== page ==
Each Tuesday, Behind the Counter speaks to an independent record store to ask about its recent favorites, best sellers, and noteworthy trends.
This week, we spoke with Neal Becton, owner of Som Records in Washington, DC. The small, well-curated record store is a staple in the DC community, and Becton is the force behind a number of events like the annual DC Record Fair and the monthly Brazilian Rhythms party. Having made three trips to Brazil primarily for the purpose of digging crates, there’s no question that Becton is committed to his craft, and Som’s diverse selection reflects his unequaled passion for music.
What can someone expect when visiting Som for the first time?
A small but tight shop with the best selection of used vinyl in DC. Being fairly small forces me to curate instead of just throwing everything out in the bins. I dig for records four to five days a week, so there’s always new stuff in here. I do sell new releases and touch a few genres that the other local stores don’t touch.
What was your motivation for starting a music store?
I started as a record collector, then became a DJ, and finally a store owner. Records started taking over my apartment, so I figured I better open a store to make some more room.
What is your background in music?
None, really. My parents both had pretty big record collections (various genres), and I started going to concerts when I was 15. I went to lots of shows growing up in Atlanta, and then once I got to college (University of Georgia), I went to see bands almost every day of the week. My friends were all in bands. I went to my senior prom as a roadie.
What is the musical community like in the DC area?
Hard to put it into a few sentences, but DC has a large and varied scene. Punk, hip hop, electronic, bluegrass, whatever — it’s all here. Even though I didn’t grow up in DC, I have been in the city for 21 years and have seen quite a few shows here. Being so close to Philly and New York, we sometimes get overshadowed, but I think that DC can hold its own against any city in terms of quality and variety.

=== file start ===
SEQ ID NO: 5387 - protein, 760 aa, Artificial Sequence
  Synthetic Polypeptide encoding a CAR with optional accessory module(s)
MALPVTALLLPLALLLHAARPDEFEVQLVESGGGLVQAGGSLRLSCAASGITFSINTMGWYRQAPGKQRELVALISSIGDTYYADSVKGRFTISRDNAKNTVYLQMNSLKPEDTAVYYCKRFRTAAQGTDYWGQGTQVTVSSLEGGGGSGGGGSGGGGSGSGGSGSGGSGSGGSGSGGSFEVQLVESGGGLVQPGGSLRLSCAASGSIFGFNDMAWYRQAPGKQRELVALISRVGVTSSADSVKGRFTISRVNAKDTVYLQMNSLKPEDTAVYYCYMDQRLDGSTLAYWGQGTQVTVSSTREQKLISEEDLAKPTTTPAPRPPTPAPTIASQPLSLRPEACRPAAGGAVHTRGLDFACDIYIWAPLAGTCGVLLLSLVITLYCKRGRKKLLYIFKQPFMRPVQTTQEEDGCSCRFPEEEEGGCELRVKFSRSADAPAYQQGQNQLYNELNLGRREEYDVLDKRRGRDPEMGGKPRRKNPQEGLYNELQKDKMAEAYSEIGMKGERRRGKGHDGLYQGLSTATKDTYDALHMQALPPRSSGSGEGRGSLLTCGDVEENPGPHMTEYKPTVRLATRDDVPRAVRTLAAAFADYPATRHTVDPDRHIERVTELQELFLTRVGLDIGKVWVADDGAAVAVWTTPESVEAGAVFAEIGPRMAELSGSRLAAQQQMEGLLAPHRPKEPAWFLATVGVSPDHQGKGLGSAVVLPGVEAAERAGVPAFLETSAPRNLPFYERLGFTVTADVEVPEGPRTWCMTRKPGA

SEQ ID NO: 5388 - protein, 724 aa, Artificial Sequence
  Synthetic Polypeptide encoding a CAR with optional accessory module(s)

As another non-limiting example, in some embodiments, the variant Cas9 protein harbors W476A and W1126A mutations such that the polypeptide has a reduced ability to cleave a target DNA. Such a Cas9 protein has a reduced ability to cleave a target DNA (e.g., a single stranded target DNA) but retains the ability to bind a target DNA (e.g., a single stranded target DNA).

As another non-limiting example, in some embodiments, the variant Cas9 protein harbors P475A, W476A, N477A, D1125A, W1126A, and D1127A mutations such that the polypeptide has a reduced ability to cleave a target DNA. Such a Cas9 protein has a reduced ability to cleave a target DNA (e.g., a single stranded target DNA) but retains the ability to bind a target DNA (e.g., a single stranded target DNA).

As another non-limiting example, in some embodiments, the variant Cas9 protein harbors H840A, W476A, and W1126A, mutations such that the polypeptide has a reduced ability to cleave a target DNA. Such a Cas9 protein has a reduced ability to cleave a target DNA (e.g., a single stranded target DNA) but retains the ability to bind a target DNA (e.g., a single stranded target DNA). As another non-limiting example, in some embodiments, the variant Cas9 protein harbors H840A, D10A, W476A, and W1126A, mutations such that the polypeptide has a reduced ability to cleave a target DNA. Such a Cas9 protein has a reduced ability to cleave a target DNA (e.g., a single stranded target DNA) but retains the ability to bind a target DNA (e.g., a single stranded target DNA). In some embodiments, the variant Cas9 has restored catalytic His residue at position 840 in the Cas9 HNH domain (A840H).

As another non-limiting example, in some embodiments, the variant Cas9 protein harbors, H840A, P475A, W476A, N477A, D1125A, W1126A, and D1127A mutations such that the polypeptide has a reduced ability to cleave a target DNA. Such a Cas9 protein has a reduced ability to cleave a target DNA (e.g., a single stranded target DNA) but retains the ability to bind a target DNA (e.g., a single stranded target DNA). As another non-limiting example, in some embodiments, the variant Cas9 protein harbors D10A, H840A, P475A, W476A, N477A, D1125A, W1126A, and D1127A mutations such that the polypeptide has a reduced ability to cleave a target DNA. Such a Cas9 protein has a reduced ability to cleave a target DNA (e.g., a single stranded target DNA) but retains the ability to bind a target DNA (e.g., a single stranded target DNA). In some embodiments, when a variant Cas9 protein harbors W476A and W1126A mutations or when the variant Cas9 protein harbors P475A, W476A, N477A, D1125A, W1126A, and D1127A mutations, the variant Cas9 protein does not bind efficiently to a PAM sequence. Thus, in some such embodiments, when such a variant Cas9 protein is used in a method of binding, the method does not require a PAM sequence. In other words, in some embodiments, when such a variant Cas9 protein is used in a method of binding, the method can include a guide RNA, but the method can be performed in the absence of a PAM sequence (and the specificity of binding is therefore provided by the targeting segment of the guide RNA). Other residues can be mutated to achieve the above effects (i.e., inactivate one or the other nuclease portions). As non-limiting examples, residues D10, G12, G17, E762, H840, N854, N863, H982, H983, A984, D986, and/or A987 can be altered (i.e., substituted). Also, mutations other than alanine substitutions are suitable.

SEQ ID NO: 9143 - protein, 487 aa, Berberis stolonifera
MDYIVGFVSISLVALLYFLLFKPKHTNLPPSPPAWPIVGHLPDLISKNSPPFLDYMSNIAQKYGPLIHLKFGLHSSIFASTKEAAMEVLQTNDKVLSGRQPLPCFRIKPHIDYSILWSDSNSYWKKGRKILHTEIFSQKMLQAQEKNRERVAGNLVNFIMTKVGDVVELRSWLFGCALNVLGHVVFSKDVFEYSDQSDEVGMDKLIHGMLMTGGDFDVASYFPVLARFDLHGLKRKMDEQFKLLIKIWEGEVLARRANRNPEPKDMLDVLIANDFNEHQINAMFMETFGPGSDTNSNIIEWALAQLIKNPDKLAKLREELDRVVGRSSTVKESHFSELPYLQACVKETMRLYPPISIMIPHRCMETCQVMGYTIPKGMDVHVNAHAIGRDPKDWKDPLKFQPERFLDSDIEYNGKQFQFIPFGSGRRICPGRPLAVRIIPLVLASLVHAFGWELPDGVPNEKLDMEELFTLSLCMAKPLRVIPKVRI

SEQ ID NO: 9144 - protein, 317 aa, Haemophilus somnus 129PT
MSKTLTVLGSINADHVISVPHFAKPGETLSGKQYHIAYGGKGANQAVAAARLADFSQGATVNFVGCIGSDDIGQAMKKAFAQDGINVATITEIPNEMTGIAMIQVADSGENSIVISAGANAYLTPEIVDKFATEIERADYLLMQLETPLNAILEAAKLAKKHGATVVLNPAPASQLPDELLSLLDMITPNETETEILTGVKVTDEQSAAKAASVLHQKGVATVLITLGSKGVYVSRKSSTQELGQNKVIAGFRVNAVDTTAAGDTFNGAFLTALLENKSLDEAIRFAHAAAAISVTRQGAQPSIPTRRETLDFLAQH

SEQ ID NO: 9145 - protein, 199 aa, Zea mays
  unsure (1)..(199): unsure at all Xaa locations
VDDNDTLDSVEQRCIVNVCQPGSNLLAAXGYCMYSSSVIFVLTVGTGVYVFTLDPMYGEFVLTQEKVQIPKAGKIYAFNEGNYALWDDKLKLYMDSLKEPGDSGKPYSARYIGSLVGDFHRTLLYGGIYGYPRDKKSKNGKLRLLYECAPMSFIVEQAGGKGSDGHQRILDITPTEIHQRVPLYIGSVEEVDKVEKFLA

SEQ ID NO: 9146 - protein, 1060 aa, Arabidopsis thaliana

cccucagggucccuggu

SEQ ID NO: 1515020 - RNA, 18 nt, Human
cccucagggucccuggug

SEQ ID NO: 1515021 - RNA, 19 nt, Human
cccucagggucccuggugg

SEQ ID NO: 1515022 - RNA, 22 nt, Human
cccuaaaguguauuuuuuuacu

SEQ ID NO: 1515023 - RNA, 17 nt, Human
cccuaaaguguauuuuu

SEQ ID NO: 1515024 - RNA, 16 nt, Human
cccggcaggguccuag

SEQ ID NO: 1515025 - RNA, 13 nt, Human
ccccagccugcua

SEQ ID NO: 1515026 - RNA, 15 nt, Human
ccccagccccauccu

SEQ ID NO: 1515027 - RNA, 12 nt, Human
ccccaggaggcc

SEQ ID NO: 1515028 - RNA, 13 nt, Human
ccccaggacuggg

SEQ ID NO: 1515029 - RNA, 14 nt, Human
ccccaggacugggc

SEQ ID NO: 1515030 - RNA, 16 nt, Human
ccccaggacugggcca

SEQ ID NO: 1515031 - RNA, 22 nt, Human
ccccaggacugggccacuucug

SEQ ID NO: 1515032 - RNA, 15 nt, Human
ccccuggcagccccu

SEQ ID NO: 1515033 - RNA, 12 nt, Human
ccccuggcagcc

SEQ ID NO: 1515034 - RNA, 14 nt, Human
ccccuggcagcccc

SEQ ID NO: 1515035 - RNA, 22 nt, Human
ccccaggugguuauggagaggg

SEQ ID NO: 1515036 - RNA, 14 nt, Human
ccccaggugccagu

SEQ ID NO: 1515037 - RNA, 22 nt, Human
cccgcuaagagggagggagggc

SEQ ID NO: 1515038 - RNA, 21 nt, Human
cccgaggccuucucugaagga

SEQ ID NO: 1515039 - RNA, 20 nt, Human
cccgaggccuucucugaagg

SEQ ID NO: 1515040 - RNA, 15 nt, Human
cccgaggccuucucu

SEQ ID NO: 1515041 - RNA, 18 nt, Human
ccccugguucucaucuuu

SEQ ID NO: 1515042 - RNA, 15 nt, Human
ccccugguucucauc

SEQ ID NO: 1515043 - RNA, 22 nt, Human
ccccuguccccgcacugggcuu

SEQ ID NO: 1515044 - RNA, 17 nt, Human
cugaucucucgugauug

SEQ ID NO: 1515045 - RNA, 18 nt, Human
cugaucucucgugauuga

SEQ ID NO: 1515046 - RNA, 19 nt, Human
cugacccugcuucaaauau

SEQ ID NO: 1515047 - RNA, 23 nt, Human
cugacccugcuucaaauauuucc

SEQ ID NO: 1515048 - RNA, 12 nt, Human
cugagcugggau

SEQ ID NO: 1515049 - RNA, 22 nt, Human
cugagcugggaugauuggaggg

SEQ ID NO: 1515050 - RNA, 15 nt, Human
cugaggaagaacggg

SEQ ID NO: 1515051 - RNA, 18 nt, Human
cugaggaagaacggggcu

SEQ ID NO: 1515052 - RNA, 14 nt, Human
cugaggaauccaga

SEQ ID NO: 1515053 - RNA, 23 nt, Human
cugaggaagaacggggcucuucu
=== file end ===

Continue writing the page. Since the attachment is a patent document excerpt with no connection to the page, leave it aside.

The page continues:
What is the DC Record Fair?
It’s a two- or three-times-a-year record show that we started putting on in various venues a few years ago. We get quality dealers from all over the East Coast, serve alcohol, and get local and national musicians to DJ the event. We’ve had Kid Congo Powers, Geologist from Animal Collective, Ian MacKaye, and Eric Hilton from Thievery Corporation DJ and buy records there. The next one will be February 13, 2011.
Tell us about the Brazilian Rhythms party.
It’s a DJ night that I started over three years ago. I’ve been collecting Brazilian records for over 15 years now, and I’ve made three trips to Brazil mainly to buy records. Once a month (third Thursdays at Cafe Saint-Ex), I dig deep into my collection and do a whole night of samba, MPB, funk, bossa, and forro all on original vinyl. We get lots of Brazilians coming out, and everyone dances ’til the lights come on.
What are the current records on your “This Week’s Treasures” wall?
Looking at it right now we have Throbbing Gristle, Kyuss, The Homosexuals, Audio Two, Sam & Dave, Minor Threat, Bad Brains, The Clash, NO-Y-Z, Bola de Nieve, Hank Mobley, Chuck Brown, The Family, Bobby Bland, Grupo Gente, The Erotic Drum Band, Serge Gainsbourg, and some group called The Beatles.
Which albums has your store sold the most over the past month?
Big sellers lately include the Black Angels, Beach House, Broken Bells, Ariel Pink, Flying Lotus, and Arthur Verocai. In the used section, it has been jazz and classic rock running neck and neck of late, with reggae running a close third.
Any big future plans for Som?
We plan to find (and sell) as many good records as we can. We would love to expand someday, but part of me likes the small but tight setup that we have now. All killer, no filler!